AFSM recipient Michael Rowe with participants at the 2021 Cape Clear Women’s Burn Day
Many people across CFA and the wider emergency services have benefited from Michael Rowe’s vision, diligence and commitment to community safety and inclusion across his 42-year volunteer career.
The Cape Clear Fire Brigade captain has been awarded an Australian Fire Service Medal in the 2023 Australia Day Honours for his exemplary contribution to the emergency services and communities of Victoria.
In receiving the AFSM Michael said: “I’m extremely humbled and quite emotional. I have been in shock since I found out.
“I have to give full credit to the people around me as they have inspired me to always push for greater. Having good people around you makes a huge difference,” he added.
Michael’s career as a CFA volunteer started in 1981 when as a teenager he joined his father at Clunes Fire Brigade. He transferred to Cape Clear Rural Fire Brigade in 1989, going on to hold several lieutenant positions before being elected captain in 2010, a position he holds to this day.
Michael’s distinguished service is not just in fighting fires. His passion, advocacy and knowledge – for preventative burning in particular – inspires many, as does his steadfastness for seeing CFA’s women volunteer cohort grow and succeed.
By using and sharing his knowledge of controlled burning Michael has created a change in mindsets within brigades and across CFA.
Cape Clear Fire Brigade has a history of burning the roadsides in its area for community fire prevention and protection. With one road stretching from one side of the district to the other, this used to be a time-consuming and labour-intensive job.
However, Michael developed a system of burning both sides of the road simultaneously, resulting in a quicker burn that was not only safer for crews and traffic, but better for the environment and communities with less smoke put into the atmosphere. Michael’s system was refined with each burn, and soon surrounding brigades joined in.
On the back of this success, Michael released a book in 2015 called The Art of Roadside Burning. This roadside burning manual includes strategies and techniques to support brigades across the state to undertake controlled roadside burning safely and productively. Through the book Michael shared his knowledge and experience from his many years of preventative burning with the goal to reengage and train CFA members in roadside burning – a once-widespread practice that had decreased or disappeared in many parts of the country.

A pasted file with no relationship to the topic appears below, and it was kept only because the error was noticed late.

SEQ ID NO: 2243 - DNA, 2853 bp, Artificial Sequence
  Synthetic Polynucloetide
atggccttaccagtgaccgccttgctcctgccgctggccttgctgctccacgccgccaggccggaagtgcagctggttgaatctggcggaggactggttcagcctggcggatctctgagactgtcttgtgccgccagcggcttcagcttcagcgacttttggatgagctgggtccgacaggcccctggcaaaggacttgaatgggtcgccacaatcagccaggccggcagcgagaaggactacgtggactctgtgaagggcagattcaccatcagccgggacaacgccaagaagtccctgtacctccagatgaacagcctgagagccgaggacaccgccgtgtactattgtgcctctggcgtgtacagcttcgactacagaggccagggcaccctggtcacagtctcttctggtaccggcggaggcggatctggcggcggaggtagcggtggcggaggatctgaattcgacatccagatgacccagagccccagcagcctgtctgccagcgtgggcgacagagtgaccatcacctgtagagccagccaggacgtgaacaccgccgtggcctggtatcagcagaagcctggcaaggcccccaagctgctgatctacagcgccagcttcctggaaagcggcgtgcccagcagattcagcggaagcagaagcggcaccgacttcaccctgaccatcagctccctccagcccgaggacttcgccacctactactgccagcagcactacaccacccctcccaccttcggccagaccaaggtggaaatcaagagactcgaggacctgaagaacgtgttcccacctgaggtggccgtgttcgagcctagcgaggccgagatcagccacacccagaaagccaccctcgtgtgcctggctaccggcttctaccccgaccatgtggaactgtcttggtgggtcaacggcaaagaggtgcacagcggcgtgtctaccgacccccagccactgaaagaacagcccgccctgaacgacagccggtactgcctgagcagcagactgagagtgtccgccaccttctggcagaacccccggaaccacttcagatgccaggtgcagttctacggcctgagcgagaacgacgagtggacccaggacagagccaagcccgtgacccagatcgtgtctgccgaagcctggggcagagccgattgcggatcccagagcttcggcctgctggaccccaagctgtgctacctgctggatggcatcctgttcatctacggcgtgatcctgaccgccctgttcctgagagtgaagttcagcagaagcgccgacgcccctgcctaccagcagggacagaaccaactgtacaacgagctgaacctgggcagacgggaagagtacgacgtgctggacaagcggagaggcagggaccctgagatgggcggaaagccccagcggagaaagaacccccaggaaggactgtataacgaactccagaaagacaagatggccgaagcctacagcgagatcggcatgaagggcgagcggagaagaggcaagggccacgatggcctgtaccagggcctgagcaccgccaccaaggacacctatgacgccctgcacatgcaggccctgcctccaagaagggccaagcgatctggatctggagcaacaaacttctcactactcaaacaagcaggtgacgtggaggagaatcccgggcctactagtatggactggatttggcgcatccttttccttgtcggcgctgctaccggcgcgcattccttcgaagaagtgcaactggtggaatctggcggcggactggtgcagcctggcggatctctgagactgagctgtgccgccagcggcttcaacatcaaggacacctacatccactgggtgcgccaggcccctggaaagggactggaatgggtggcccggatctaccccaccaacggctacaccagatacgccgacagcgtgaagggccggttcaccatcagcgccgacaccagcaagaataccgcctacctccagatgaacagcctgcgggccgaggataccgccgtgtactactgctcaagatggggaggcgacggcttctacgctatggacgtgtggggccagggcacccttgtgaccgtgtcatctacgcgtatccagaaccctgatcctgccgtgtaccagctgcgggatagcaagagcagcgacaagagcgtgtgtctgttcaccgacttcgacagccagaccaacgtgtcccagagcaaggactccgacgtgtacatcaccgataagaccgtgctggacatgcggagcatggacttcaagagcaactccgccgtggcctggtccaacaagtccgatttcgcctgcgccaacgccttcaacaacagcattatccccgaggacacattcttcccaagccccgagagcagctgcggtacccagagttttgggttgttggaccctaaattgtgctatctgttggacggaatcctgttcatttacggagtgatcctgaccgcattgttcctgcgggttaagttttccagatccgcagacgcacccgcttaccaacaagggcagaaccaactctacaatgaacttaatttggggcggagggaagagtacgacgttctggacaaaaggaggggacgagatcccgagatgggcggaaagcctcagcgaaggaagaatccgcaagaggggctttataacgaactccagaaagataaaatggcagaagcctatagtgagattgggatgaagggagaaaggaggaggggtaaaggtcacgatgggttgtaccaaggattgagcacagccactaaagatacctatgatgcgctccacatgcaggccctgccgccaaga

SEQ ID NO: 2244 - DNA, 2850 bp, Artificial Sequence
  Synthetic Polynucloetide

Michael is a strong supporter and advocate for gender equality in CFA and was one of the first captains to initiate women-only training camps. In 2018 Michael introduced women-only burn days to encourage more women to get involved in and experienced in roadside burning. The burn days also provided a space for women to learn, share and develop their firefighting skills in a friendly, supportive environment.
This unique event has drawn widespread acclaim, with ongoing benefits to the hundreds of participants. Since its inception, the Cape Clear Women’s Burn Day has grown from a one-day event to a full weekend program of skills maintenance and roadside burning. Held twice a year, hundreds of women from across the state attend each event, eager to increase their expertise, knowledge and confidence in a fun and safe environment.
There are many highlights across his volunteer career, however Michael speaks with pride when reflecting on the success of the burn days.
Visionary at the time, the women-only burn days have now been adopted statewide using the model developed by Michael and Cape Clear brigade. The initiative continues to have a profound impact on the engagement and recruitment of women into CFA, highlighting the importance of the program for brigade sustainability.
“It has been immensely rewarding both personally and professionally to see the success of the women’s burn days,” Michael said.
“You can see the benefits almost instantly, with the confidence of participants growing before your eyes. Many will go from being unsure and hesitant to leading activity across the course of the day, and sometimes it’s not until you point it out to them that they realise just how much they have achieved.”
One of the key benefits, Michael says, is the way participants feel empowered to take what they have learned back to their home brigade and share their new knowledge with others.
“Through participating in the burn days CFA’s women members leave with increased confidence in their skills as well as a network of people they can contact for support regardless of which brigade they are from,” he said.
“The knowledge they gain is paid forward – that is extremely powerful.”
Michael is also a strong supporter of the District 15 Women’s Reference Group and has been nominated by the group as one of only two Champions of Change.
A passionate and inspiring leader who garners the best from his people, Michael is committed to protecting his crews and community. Whether on the fireground or at a roadside burn, the safety and wellbeing of his members is front of mind.
During the 2019-20 fires in NSW, understanding that crews were going to face a challenging firefight, Michael encouraged members to take the time the night prior to deployment to speak to their families and loved ones. He reportedly said: “…talk to your loved ones because tomorrow is going to be tough and you won’t have time to think about anything else, but we will all get out alive”. And they did.
Michael’s nominator writes: “Great leadership not only saves lives; it absolutely inspires people to go one step further than their best.”